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Towards the Senior Resident Social Interaction System: A CaseStudy of Interactive Gallery

The number of older adults residing in nursing institutions is increasing, and many of them experience social isolation. The social interaction of older adults constitutes a complex system that involves multiple stakeholders, including fellow residents, caregivers, members of the local community, etc. This paper proposes an Interactive Gallery, comprising a cluster of scenery collectors and an interactive installation resembling a gallery. It aims to promote social interaction among nursing home residents and members of the local community, as well as between senior residents within the nursing home. We conducted a field study that employed behavior observation and semi-structured interviews. Our findings show that the Interactive Gallery had a positive impact on the social interaction of senior participants, and it also stimulated their interest in sharing their experiences with individuals outside of the nursing home. The implications of our field study are significant. We highlight the social interaction system and behavioral characteristics of senior residents, strategies for enhancing social interaction within the nursing home, and strategies for promoting social interaction between senior residents and members of the local community. The Interactive Gallery presents a novel approach to addressing the issue of social isolation among senior residents in nursing homes. Our field study findings demonstrate its potential to improve the quality of life of seniors by promoting social interaction and engagement.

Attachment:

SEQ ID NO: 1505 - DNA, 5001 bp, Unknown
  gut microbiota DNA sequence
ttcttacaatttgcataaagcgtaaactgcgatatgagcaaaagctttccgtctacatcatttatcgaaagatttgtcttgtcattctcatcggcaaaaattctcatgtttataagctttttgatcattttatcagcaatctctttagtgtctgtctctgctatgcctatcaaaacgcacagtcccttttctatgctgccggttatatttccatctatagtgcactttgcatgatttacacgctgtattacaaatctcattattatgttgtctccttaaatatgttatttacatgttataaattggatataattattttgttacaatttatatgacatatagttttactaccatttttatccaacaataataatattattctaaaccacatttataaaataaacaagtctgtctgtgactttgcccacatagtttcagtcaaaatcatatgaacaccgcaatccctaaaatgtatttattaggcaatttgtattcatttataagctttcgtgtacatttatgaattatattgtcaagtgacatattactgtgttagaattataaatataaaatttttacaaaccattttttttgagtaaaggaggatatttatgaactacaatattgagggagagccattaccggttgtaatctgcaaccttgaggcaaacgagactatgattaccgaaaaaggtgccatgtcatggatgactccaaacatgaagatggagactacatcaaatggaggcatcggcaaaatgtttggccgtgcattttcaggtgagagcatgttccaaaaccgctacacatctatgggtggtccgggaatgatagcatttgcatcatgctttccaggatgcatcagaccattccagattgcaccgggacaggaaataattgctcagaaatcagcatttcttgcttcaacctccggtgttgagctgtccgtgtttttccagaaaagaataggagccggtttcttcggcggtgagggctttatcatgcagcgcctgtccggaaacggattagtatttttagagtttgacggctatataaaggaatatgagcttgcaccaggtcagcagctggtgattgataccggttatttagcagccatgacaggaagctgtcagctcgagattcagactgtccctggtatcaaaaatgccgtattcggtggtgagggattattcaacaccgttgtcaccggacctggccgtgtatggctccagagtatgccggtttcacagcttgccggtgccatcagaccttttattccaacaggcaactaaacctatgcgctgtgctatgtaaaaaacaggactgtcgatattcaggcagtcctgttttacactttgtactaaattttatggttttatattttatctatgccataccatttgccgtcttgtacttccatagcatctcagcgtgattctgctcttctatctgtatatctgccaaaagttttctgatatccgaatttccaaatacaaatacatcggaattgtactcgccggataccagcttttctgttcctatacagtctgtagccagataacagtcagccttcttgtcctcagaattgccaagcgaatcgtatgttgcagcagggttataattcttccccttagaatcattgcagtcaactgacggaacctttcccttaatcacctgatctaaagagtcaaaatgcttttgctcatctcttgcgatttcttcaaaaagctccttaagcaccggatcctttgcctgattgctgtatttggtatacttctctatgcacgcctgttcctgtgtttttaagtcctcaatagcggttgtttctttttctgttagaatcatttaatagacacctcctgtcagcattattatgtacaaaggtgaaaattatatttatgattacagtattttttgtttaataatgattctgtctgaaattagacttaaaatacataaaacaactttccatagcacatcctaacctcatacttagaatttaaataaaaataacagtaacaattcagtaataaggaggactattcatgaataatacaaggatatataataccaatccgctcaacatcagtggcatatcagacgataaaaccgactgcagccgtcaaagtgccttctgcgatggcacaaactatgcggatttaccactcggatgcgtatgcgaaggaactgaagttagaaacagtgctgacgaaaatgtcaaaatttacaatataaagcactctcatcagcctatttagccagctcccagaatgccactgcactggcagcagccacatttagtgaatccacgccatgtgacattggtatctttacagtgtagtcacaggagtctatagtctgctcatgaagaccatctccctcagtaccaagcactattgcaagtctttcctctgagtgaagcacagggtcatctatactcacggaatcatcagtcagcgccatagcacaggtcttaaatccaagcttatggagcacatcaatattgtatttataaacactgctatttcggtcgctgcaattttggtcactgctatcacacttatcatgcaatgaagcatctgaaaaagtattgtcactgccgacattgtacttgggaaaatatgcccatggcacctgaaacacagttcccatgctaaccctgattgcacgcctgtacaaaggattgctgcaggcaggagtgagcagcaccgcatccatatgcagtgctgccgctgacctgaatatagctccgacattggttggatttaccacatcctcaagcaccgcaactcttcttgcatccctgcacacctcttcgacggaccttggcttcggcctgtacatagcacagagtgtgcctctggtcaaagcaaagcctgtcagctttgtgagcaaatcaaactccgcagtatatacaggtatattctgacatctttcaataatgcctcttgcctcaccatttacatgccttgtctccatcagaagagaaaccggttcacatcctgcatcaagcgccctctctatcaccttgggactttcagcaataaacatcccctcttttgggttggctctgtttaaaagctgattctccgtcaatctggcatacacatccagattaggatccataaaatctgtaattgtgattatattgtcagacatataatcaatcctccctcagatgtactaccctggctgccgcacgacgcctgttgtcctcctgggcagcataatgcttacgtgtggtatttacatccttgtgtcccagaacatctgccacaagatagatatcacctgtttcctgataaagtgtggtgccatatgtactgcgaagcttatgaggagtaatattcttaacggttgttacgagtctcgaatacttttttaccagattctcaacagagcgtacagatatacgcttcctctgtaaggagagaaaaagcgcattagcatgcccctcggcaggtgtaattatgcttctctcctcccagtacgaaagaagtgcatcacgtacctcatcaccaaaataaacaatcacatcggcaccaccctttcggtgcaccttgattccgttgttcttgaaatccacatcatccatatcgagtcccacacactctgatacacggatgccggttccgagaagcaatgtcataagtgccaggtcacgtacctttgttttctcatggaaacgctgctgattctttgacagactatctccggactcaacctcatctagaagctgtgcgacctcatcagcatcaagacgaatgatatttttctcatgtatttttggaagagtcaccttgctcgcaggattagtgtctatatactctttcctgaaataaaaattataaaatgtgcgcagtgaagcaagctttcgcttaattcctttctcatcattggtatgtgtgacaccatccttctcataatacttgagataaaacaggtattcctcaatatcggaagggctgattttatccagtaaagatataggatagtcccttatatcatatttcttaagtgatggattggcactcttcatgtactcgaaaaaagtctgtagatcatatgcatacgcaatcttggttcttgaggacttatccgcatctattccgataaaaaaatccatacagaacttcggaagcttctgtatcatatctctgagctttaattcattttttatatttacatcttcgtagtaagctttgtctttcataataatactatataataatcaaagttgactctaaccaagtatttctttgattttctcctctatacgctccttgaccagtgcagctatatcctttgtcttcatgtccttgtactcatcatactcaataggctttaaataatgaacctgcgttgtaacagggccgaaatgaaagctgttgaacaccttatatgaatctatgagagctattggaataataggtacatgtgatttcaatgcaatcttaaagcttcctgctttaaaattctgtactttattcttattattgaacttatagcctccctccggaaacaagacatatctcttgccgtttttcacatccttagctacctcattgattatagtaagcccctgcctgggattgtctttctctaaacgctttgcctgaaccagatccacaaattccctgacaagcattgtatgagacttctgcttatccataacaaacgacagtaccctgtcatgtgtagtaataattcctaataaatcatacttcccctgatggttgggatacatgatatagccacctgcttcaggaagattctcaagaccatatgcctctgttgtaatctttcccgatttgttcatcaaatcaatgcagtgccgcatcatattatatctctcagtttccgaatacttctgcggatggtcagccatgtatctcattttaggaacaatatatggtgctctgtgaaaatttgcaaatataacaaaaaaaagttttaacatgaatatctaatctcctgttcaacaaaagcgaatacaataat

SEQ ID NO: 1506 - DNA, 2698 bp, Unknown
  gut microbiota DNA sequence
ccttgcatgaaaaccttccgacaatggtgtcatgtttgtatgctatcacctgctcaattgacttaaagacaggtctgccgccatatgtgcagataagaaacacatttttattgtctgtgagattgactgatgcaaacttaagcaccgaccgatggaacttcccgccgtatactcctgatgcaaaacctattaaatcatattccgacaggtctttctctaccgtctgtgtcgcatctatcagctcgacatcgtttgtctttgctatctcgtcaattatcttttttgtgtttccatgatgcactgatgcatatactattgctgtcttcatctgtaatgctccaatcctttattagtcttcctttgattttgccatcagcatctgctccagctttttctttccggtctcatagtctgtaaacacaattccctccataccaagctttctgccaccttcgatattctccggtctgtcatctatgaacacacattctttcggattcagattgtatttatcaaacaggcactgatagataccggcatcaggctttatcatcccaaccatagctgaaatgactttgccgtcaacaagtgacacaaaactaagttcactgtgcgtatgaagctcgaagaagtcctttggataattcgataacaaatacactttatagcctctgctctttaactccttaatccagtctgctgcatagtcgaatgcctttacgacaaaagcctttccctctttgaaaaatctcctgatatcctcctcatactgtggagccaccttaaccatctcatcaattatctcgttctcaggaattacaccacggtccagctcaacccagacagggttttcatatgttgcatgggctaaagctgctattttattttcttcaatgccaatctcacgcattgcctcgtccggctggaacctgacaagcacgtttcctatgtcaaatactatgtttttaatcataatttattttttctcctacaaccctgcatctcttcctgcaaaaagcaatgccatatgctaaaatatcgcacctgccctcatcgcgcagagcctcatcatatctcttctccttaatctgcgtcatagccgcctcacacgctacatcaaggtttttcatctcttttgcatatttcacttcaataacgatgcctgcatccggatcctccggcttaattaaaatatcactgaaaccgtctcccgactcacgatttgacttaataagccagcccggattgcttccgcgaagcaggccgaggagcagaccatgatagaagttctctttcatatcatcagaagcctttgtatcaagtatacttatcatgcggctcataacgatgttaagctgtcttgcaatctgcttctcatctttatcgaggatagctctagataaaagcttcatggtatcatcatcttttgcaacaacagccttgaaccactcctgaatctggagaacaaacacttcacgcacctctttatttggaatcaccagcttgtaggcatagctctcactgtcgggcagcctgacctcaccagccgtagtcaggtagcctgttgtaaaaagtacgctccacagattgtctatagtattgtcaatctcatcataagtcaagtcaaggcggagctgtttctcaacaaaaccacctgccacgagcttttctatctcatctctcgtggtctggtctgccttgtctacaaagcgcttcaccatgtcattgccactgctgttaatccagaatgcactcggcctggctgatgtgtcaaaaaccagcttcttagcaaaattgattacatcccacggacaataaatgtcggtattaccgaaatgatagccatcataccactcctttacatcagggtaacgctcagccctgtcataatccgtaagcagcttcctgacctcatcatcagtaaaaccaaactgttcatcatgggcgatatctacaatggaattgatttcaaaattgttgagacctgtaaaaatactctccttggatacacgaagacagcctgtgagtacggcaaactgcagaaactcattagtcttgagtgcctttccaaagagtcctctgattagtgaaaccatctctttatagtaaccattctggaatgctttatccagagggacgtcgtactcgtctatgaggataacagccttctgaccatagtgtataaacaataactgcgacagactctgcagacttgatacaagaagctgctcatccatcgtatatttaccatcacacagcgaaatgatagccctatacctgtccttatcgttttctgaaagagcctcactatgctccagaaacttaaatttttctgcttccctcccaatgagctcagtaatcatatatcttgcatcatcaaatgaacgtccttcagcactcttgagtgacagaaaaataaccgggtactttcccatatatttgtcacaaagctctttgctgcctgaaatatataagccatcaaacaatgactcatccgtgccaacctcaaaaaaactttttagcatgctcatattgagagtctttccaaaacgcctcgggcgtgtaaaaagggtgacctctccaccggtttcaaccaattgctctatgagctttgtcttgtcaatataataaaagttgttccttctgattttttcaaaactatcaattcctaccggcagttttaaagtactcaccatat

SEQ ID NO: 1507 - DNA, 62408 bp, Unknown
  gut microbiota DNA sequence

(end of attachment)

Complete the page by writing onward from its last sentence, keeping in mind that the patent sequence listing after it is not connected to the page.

C. Li, L. Zhang, X. Lin, K. Kang, J. Hu, B. Hengeveld, and C. Hummels, “Towards the Senior Resident Social Interaction System: A Case Study of Interactive Gallery,” Systems, vol. 11, no. 4, pp. 204, 2023.
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DOI: 10.3390/systems11040204

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The effect of fantasy on learning and recall of declarative knowledge in AR game-based learning